Ask for anyone else in the room to define or explain the idea or concept. Reward the volunteer who answers correctly, then repeat the process until all eggs have been opened. A variation of this is to use various colored balloons placed on the wall before the session and have them retrieved and popped by volunteers for the review. This type of activity involves brain-based learning concepts of fun, novelty, repetition (review), color, sound (if using balloons) movement, and learner engagement.

• When ready to review, have learners turn to another participant and share one key concept learned thus far and how they plan to use it.

Engaging Adult Learners

• Depending on the session topic, use a What if? activity in which, at some point, you have each person take out a piece of paper and write “What If?” at the top of the page. Next have finished the statement with some key ideas or concepts learned in the session that they could immediately apply to their job or life.

• Use a Share the Knowledge review in which you have a volunteer team leader start a piece of paper around their table by first writing one key idea or concept learned up until that point in the session, then passing the paper to their left. Subsequent learners repeat the process until everyone has contributed something. Let them know before starting that it is okay to cheat and look at their notes if they cannot think of something to add.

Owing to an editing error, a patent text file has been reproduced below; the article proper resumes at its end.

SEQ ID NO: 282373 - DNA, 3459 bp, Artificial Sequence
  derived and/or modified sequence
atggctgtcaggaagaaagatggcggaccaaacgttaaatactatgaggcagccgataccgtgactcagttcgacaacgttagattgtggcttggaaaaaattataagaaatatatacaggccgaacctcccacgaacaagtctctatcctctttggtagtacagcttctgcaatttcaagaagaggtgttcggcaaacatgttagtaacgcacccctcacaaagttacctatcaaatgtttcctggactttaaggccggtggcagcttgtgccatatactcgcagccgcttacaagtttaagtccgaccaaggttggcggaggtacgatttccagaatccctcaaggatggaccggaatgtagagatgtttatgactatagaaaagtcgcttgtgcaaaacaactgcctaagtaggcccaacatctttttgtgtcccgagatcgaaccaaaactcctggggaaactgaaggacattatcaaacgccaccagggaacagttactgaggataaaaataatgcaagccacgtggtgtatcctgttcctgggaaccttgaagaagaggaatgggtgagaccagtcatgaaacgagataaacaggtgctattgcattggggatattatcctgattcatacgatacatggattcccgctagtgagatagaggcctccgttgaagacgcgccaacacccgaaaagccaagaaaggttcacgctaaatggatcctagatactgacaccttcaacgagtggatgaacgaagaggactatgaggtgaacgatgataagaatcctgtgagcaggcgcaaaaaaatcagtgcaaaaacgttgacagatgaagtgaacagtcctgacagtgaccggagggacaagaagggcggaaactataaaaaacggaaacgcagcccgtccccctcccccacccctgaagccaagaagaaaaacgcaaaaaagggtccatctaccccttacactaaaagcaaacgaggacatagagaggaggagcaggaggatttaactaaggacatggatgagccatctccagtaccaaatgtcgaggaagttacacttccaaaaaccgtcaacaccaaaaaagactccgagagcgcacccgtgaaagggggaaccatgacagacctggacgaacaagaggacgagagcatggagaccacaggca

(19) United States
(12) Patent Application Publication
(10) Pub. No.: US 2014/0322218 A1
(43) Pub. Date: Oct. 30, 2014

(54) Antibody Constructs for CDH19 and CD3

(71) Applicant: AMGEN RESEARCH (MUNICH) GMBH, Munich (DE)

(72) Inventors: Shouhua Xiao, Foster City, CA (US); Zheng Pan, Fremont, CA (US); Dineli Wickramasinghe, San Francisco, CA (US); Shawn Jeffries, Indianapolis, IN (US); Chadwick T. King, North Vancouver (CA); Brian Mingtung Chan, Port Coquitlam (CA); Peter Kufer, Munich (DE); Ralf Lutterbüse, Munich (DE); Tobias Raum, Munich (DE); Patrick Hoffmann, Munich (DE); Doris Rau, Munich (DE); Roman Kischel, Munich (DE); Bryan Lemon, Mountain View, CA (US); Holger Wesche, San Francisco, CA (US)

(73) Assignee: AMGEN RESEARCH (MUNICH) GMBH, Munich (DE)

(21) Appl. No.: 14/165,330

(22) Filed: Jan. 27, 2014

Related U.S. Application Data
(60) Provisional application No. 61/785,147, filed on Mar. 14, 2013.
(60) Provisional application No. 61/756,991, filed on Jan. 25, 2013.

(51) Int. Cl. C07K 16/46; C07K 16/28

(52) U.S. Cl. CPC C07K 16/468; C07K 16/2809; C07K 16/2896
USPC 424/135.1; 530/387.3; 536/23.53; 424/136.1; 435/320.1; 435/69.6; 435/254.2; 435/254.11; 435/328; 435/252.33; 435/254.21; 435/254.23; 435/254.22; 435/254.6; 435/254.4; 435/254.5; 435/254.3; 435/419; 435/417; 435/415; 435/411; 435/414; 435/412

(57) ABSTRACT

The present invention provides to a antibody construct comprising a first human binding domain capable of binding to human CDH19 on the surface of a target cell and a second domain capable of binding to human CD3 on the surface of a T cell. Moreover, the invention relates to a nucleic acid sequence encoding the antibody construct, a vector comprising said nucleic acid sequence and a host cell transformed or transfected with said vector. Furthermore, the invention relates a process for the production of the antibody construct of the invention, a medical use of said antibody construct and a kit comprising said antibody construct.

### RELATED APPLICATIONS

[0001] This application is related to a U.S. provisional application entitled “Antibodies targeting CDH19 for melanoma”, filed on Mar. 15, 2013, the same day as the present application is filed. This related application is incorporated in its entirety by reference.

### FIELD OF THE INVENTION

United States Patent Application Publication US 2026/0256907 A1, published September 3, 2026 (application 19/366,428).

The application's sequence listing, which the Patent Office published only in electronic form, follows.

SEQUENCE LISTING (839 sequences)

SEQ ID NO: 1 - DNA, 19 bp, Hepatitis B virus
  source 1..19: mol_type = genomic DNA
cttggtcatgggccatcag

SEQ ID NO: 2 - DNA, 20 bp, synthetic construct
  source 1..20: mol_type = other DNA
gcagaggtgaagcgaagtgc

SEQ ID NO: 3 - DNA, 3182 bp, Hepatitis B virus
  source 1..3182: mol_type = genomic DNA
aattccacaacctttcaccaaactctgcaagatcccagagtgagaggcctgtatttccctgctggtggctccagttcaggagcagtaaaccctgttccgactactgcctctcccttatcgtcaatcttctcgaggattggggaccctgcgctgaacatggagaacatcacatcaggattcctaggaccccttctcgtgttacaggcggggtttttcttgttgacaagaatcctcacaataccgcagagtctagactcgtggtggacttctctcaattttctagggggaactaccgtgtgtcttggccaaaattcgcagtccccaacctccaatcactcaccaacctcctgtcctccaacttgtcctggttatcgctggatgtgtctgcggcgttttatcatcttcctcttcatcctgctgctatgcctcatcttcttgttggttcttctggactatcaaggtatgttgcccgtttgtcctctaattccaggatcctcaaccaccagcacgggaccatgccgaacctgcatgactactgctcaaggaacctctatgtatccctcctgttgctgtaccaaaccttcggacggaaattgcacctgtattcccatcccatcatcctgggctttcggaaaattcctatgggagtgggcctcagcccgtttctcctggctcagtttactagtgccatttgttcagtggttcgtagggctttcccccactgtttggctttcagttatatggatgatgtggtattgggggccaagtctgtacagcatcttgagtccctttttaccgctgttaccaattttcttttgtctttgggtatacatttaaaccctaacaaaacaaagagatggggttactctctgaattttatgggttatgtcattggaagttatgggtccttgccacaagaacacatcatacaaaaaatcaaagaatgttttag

After everyone has written something have the leader lead a discussion on which item the group believes to me most significant and discuss why they believe this to be true. Allow 5 minutes for this process, then have each team leader share the item their team selected with the rest of the groups. Reward team leaders with a small prize or piece of candy.

Training does not have to be boring or tedious. Think of ways to make your learning events come alive and engage your learners while reinforcing ideas and concepts.

To contact Bob visit his website at www.robertwlucas.com or his blog www.thecreativetrainer.com.